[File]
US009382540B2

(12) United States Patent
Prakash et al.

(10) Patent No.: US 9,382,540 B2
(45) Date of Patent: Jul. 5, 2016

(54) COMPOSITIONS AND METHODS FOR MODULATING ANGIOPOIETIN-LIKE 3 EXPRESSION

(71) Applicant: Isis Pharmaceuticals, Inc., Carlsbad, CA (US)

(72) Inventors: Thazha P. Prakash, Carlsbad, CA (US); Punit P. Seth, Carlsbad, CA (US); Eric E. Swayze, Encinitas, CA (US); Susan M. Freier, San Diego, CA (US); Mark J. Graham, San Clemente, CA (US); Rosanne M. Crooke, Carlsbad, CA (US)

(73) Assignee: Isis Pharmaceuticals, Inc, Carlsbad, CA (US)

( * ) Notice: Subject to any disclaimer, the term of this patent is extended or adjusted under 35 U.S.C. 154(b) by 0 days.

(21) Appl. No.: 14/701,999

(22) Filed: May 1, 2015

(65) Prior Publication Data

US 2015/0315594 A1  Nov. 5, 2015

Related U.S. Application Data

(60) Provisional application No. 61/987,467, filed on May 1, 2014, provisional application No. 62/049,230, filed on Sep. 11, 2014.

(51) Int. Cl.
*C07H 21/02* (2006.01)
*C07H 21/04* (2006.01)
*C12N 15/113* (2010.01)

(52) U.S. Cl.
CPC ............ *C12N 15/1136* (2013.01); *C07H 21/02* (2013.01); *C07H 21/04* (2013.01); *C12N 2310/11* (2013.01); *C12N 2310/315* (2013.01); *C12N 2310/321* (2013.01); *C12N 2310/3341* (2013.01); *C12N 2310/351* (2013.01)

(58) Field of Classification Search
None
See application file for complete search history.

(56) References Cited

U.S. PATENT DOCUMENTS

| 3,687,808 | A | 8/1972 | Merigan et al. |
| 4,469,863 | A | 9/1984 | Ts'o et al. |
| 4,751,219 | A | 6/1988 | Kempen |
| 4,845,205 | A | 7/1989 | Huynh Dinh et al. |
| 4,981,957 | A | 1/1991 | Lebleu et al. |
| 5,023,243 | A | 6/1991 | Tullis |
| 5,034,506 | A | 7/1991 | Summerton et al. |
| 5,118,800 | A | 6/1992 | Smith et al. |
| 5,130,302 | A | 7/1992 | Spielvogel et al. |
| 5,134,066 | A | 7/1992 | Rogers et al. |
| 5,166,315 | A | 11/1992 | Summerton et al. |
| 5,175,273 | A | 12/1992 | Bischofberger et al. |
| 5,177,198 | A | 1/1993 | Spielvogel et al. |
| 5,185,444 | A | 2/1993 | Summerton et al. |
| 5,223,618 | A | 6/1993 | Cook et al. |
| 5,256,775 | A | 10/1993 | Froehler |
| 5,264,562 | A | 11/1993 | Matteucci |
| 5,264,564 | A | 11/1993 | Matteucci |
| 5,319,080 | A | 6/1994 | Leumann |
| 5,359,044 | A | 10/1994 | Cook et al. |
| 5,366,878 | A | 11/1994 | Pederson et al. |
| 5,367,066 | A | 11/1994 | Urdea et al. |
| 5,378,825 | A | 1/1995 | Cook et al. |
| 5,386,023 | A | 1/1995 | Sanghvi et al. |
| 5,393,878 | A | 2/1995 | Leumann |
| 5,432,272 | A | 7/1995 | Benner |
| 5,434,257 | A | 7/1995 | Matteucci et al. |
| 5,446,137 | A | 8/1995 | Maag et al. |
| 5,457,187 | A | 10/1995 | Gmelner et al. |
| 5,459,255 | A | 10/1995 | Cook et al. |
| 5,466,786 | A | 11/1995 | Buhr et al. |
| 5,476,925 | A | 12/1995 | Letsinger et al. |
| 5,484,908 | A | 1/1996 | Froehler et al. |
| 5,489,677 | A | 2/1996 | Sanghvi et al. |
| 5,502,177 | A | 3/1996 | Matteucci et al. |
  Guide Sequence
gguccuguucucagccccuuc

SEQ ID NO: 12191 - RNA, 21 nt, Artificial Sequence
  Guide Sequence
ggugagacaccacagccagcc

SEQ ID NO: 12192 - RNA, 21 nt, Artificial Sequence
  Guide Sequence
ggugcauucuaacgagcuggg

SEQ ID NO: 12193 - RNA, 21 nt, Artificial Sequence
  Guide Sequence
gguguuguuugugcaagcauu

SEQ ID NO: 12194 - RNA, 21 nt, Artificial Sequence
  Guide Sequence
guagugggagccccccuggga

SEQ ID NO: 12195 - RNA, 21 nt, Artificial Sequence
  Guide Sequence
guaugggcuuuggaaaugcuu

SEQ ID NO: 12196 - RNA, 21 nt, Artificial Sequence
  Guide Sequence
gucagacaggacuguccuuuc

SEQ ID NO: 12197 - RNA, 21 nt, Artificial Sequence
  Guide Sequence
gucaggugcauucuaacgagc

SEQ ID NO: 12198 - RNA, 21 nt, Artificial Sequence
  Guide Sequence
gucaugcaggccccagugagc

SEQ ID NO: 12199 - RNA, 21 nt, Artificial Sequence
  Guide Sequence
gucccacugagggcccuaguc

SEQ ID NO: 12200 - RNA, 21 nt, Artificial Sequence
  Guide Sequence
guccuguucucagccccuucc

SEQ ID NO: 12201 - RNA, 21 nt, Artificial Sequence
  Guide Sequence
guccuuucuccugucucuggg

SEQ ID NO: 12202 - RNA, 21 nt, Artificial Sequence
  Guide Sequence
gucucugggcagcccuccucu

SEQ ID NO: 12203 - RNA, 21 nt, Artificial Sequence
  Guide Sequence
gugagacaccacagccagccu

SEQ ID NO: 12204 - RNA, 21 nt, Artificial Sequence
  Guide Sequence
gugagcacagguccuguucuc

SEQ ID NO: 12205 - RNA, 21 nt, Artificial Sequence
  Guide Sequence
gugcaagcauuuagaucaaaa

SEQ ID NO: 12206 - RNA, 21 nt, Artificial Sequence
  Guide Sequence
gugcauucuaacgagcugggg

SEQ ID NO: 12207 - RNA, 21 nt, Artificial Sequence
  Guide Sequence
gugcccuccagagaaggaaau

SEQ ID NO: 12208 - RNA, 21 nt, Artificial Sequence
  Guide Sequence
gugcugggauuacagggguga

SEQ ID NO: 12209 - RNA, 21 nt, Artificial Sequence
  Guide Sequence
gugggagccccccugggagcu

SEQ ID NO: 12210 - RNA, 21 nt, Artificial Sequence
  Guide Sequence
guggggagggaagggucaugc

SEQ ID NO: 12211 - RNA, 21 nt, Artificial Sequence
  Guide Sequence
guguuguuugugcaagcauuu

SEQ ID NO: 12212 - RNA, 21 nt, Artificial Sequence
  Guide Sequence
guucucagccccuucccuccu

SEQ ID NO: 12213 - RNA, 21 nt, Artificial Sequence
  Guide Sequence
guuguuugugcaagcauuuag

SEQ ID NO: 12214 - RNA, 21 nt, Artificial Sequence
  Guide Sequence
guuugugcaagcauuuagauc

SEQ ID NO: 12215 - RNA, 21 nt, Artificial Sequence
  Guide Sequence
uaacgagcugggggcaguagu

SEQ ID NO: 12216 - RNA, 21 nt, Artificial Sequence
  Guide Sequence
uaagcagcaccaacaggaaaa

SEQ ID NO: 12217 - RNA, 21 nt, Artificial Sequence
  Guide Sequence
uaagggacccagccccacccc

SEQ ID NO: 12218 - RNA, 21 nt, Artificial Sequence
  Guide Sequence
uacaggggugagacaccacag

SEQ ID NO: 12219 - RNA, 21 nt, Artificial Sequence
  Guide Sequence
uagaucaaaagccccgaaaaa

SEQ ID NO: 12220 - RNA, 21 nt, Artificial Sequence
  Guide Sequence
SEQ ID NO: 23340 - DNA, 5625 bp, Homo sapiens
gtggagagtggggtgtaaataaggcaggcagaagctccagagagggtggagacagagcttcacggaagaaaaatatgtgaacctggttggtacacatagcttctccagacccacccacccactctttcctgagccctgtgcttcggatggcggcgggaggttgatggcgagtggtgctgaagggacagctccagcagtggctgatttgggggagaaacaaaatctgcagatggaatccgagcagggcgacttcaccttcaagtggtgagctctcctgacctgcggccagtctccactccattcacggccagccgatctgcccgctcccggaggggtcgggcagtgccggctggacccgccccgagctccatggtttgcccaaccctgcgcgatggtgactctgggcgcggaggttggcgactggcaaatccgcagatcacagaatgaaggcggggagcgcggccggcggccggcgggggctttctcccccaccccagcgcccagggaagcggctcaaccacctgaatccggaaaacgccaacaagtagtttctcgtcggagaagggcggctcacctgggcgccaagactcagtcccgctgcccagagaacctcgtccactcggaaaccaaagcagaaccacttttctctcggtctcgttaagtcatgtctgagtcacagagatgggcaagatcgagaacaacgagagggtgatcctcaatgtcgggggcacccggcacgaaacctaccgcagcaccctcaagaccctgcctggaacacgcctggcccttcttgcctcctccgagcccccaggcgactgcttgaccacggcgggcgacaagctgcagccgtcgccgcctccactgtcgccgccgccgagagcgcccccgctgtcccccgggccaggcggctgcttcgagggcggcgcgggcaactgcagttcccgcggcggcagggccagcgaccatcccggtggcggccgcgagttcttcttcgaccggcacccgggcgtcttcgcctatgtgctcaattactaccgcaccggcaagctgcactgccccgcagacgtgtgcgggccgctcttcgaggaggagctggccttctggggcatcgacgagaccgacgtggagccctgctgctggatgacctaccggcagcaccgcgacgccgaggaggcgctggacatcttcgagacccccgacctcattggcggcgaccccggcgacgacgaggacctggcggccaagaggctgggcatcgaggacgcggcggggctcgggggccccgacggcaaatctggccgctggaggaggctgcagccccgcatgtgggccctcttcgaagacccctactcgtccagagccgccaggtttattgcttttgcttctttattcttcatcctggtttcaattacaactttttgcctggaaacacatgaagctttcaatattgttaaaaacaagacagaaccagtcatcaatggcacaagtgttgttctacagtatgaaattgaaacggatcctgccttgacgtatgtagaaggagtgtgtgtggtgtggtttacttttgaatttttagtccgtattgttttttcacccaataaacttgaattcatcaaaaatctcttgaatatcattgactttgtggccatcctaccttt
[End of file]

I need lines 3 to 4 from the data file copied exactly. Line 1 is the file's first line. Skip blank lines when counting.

Prakash et al.

(10) Patent No.: US 9,382,540 B2